Prospects League.. Jeff Holm & Mark Sappington Raisng The Roof


There is a collegiate summer league that’s only been around since 2008, but its history goes back to 1963. The alignments and realignment of teams and leagues can get a little confusing for someone not familiar with the whole story, as is the case with the Prospects League headquartered in Bartlett Tennessee. A blend of the former Frontier League and the old Central Illinois Collegiate League birthed what is now one of the strongest summer leagues in the country. There are teams like the Chillicothe Paints who are averaging 1,600 fans per game, and the Hannibal Cavemen who are averaging 1,400 fans per game. This is a fan base loyal to their game, their community, and their collegiate athletes who tend to become recognizable names in the major leagues. This league is a heavyweight in the name calling game. Players like Joe Girardi, manager of the New York Yankees, have passed through the league as a young ball player. Names like Kirby Puckett, Mike Schmidt, and Art Howe are only a few of the massive alumni that the Prospects League has the honor of claiming as some of their own. These days, the league is treading along in a new era of trends, economies, styles, and faces.

There is an outfielder playing for the Chillicothe Paints that is simply tackling the league with an unprecedented display of prowess. In 11 games and 44 at bats, Jeff Holm is hitting .477 with 2 homeruns and 15 RBI’s. His 17 stolen bases go perfectly with an on base percentage of .558. The leagues pitchers are being terrorized on the base paths as well. In two games Holm’s went 6 for 8 and stole 8 bases. This is nothing new for those who’ve watched him play at Michigan State this past spring. Holm’s hit .350 and led the team in doubles (21), triples (5), RBI’s (50), stolen bases (23), and he had the fewest strike outs amongst starters (15).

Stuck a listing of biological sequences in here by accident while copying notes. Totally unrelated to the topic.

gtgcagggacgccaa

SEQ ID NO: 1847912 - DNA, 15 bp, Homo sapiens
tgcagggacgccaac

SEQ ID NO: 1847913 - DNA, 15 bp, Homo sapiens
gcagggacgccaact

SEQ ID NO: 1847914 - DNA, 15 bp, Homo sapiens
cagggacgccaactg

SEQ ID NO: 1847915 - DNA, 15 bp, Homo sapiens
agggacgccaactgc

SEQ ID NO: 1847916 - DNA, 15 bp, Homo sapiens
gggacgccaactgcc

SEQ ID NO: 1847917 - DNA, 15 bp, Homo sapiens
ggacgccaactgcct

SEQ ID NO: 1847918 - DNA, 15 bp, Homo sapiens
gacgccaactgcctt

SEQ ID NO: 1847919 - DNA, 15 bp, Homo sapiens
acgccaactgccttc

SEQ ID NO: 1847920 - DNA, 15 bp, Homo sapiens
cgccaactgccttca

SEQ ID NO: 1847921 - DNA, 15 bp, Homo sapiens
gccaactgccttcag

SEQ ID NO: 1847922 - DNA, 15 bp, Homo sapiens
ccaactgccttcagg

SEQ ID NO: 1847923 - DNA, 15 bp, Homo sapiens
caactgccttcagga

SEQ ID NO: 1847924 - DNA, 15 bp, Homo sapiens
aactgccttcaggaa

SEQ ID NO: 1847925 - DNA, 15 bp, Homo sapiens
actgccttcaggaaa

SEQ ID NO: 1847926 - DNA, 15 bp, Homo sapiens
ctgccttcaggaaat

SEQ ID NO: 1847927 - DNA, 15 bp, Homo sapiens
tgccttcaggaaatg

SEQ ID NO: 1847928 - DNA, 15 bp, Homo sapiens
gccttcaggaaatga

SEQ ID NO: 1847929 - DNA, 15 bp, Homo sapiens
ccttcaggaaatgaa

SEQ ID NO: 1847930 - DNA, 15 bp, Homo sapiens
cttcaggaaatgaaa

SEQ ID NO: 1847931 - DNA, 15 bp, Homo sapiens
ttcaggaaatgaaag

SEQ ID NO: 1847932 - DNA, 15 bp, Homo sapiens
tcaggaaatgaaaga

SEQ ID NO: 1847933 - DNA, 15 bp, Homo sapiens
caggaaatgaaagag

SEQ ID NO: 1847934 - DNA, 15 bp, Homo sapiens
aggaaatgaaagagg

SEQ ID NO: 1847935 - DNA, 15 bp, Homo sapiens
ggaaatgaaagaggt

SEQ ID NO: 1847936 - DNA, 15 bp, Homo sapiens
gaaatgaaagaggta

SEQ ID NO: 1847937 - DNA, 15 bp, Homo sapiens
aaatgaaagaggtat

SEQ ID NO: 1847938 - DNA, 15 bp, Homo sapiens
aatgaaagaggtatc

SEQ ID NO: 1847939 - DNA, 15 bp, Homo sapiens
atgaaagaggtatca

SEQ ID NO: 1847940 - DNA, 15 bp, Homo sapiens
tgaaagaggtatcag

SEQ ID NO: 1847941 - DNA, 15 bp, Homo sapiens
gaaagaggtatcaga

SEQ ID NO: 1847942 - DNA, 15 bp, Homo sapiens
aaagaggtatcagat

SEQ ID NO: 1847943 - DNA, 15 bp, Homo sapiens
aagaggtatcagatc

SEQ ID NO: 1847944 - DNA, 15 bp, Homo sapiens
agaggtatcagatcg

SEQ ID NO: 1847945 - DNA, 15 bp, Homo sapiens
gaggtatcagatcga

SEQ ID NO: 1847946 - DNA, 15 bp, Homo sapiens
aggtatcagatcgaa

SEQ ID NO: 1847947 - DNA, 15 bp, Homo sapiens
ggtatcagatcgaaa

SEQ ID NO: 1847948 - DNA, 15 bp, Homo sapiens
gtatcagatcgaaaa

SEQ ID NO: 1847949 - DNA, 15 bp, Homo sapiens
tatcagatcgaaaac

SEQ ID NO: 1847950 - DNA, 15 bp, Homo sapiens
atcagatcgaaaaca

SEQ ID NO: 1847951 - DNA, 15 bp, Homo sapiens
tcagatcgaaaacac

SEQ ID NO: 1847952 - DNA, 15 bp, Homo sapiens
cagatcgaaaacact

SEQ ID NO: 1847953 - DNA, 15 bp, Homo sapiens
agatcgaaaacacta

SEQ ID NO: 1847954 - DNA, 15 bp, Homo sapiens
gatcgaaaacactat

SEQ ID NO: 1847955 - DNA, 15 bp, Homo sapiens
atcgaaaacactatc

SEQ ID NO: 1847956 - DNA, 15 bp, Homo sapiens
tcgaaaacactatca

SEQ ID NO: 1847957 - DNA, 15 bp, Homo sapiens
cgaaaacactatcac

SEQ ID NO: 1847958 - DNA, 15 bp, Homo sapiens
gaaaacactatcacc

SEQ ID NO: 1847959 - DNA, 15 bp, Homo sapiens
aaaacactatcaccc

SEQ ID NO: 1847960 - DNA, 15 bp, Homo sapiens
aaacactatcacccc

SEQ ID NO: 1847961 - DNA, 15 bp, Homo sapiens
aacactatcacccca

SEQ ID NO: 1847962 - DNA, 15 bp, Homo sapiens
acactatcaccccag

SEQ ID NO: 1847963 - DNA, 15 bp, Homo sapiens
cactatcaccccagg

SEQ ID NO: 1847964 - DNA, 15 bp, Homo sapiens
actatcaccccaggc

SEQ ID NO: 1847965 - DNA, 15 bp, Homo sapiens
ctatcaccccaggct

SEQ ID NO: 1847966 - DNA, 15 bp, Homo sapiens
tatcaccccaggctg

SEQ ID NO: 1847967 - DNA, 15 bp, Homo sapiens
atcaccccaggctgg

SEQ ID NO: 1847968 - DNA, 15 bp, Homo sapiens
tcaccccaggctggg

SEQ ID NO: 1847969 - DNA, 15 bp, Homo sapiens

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On the pitching side, the Prospects League is enjoying a very durable starting pitcher.Mark Sappington is 6’4 220lbs and as a freshman is pitching for the Hannibal Cavemen. In 2 starts, Sappington has thrown 16 innings and struck out 17 on his way towards a 2-0 record. After a worthy first start, Sappington showed a bit of a flinch in his second. He was pulled from the game after 3.1 innings. He didn’t allow a run, and he struck out 4, but the Danville Dans touched him up for 4 hits. In his most recent game against the Dubois County Bombers, Sappington settled back into the form we saw in his first start, except this time he was a bit better control wise. He went for 6 innings, and struck out 9 batters and only walked 1. This spring pitching for the Jesuit University of Rockhurst, he struggled as can be expected of a young freshman. Sappington had the second highest innings of work on his team (62.1), and had the most strike outs on the team (61). Not that Sappington will be a big time strike out pitcher, but if he can lower the amount of hits he gives up by a least a little, his ERA will lower considerably. The Prospects League may be considered a new league, but the ties to its community’s baseball knowledge and connections make it a viable place to play and an entertaining league to support. The intrigue is in winning and producing major league baseball players, the Prospects League is well versed in that department.




By Adrian Nevarez
DFN Sports Staff Writer



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